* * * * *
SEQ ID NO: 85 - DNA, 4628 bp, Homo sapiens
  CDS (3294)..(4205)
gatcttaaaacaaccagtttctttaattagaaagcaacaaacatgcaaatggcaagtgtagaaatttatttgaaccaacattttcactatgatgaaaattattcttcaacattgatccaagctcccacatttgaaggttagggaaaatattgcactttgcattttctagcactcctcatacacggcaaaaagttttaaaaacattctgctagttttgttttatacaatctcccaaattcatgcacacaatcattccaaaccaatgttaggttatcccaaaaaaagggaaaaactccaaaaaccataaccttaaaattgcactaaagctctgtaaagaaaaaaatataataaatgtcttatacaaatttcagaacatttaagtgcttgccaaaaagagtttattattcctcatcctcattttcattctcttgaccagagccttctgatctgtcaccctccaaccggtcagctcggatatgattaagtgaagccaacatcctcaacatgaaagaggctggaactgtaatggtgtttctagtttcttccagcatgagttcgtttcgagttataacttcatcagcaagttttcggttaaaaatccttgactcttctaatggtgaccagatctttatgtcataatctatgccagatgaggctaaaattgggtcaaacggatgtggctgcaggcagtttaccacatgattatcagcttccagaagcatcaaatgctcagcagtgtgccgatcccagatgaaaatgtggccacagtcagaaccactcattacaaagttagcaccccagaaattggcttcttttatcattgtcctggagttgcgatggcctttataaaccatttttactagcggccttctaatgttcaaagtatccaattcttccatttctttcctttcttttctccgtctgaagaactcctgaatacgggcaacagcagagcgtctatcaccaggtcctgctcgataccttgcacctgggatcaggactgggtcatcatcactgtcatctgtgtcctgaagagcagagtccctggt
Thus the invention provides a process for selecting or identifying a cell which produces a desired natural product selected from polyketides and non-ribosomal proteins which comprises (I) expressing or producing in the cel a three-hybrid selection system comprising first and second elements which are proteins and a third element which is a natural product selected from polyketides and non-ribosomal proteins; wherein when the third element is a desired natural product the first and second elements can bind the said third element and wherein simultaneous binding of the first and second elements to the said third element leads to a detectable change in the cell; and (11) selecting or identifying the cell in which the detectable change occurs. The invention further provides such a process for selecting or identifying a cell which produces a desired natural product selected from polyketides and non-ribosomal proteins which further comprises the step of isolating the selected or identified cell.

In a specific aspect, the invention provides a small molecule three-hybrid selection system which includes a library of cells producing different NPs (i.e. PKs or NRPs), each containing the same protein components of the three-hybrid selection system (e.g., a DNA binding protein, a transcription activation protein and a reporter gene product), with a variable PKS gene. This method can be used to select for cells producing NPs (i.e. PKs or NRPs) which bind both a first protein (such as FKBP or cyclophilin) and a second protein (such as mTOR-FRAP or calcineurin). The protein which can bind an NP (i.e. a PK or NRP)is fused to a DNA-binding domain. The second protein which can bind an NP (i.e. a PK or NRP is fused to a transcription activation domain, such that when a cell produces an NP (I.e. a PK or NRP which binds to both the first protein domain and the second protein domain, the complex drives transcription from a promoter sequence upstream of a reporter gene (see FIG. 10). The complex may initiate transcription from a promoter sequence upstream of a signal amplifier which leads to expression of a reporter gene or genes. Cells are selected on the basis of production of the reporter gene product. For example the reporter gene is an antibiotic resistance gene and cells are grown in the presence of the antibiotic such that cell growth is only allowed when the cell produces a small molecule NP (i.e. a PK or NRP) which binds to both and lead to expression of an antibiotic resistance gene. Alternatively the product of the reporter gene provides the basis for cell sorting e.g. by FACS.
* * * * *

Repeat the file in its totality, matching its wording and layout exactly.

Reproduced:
SEQ ID NO: 85 - DNA, 4628 bp, Homo sapiens
  CDS (3294)..(4205)
gatcttaaaacaaccagtttctttaattagaaagcaacaaacatgcaaatggcaagtgtagaaatttatttgaaccaacattttcactatgatgaaaattattcttcaacattgatccaagctcccacatttgaaggttagggaaaatattgcactttgcattttctagcactcctcatacacggcaaaaagttttaaaaacattctgctagttttgttttatacaatctcccaaattcatgcacacaatcattccaaaccaatgttaggttatcccaaaaaaagggaaaaactccaaaaaccataaccttaaaattgcactaaagctctgtaaagaaaaaaatataataaatgtcttatacaaatttcagaacatttaagtgcttgccaaaaagagtttattattcctcatcctcattttcattctcttgaccagagccttctgatctgtcaccctccaaccggtcagctcggatatgattaagtgaagccaacatcctcaacatgaaagaggctggaactgtaatggtgtttctagtttcttccagcatgagttcgtttcgagttataacttcatcagcaagttttcggttaaaaatccttgactcttctaatggtgaccagatctttatgtcataatctatgccagatgaggctaaaattgggtcaaacggatgtggctgcaggcagtttaccacatgattatcagcttccagaagcatcaaatgctcagcagtgtgccgatcccagatgaaaatgtggccacagtcagaaccactcattacaaagttagcaccccagaaattggcttcttttatcattgtcctggagttgcgatggcctttataaaccatttttactagcggccttctaatgttcaaagtatccaattcttccatttctttcctttcttttctccgtctgaagaactcctgaatacgggcaacagcagagcgtctatcaccaggtcctgctcgataccttgcacctgggatcaggactgggtcatcatcactgtcatctgtgtcctgaagagcagagtccctggt
Thus the invention provides a process for selecting or identifying a cell which produces a desired natural product selected from polyketides and non-ribosomal proteins which comprises (I) expressing or producing in the cel a three-hybrid selection system comprising first and second elements which are proteins and a third element which is a natural product selected from polyketides and non-ribosomal proteins; wherein when the third element is a desired natural product the first and second elements can bind the said third element and wherein simultaneous binding of the first and second elements to the said third element leads to a detectable change in the cell; and (11) selecting or identifying the cell in which the detectable change occurs. The invention further provides such a process for selecting or identifying a cell which produces a desired natural product selected from polyketides and non-ribosomal proteins which further comprises the step of isolating the selected or identified cell.

In a specific aspect, the invention provides a small molecule three-hybrid selection system which includes a library of cells producing different NPs (i.e. PKs or NRPs), each containing the same protein components of the three-hybrid selection system (e.g., a DNA binding protein, a transcription activation protein and a reporter gene product), with a variable PKS gene. This method can be used to select for cells producing NPs (i.e. PKs or NRPs) which bind both a first protein (such as FKBP or cyclophilin) and a second protein (such as mTOR-FRAP or calcineurin). The protein which can bind an NP (i.e. a PK or NRP)is fused to a DNA-binding domain. The second protein which can bind an NP (i.e. a PK or NRP is fused to a transcription activation domain, such that when a cell produces an NP (I.e. a PK or NRP which binds to both the first protein domain and the second protein domain, the complex drives transcription from a promoter sequence upstream of a reporter gene (see FIG. 10). The complex may initiate transcription from a promoter sequence upstream of a signal amplifier which leads to expression of a reporter gene or genes. Cells are selected on the basis of production of the reporter gene product. For example the reporter gene is an antibiotic resistance gene and cells are grown in the presence of the antibiotic such that cell growth is only allowed when the cell produces a small molecule NP (i.e. a PK or NRP) which binds to both and lead to expression of an antibiotic resistance gene. Alternatively the product of the reporter gene provides the basis for cell sorting e.g. by FACS.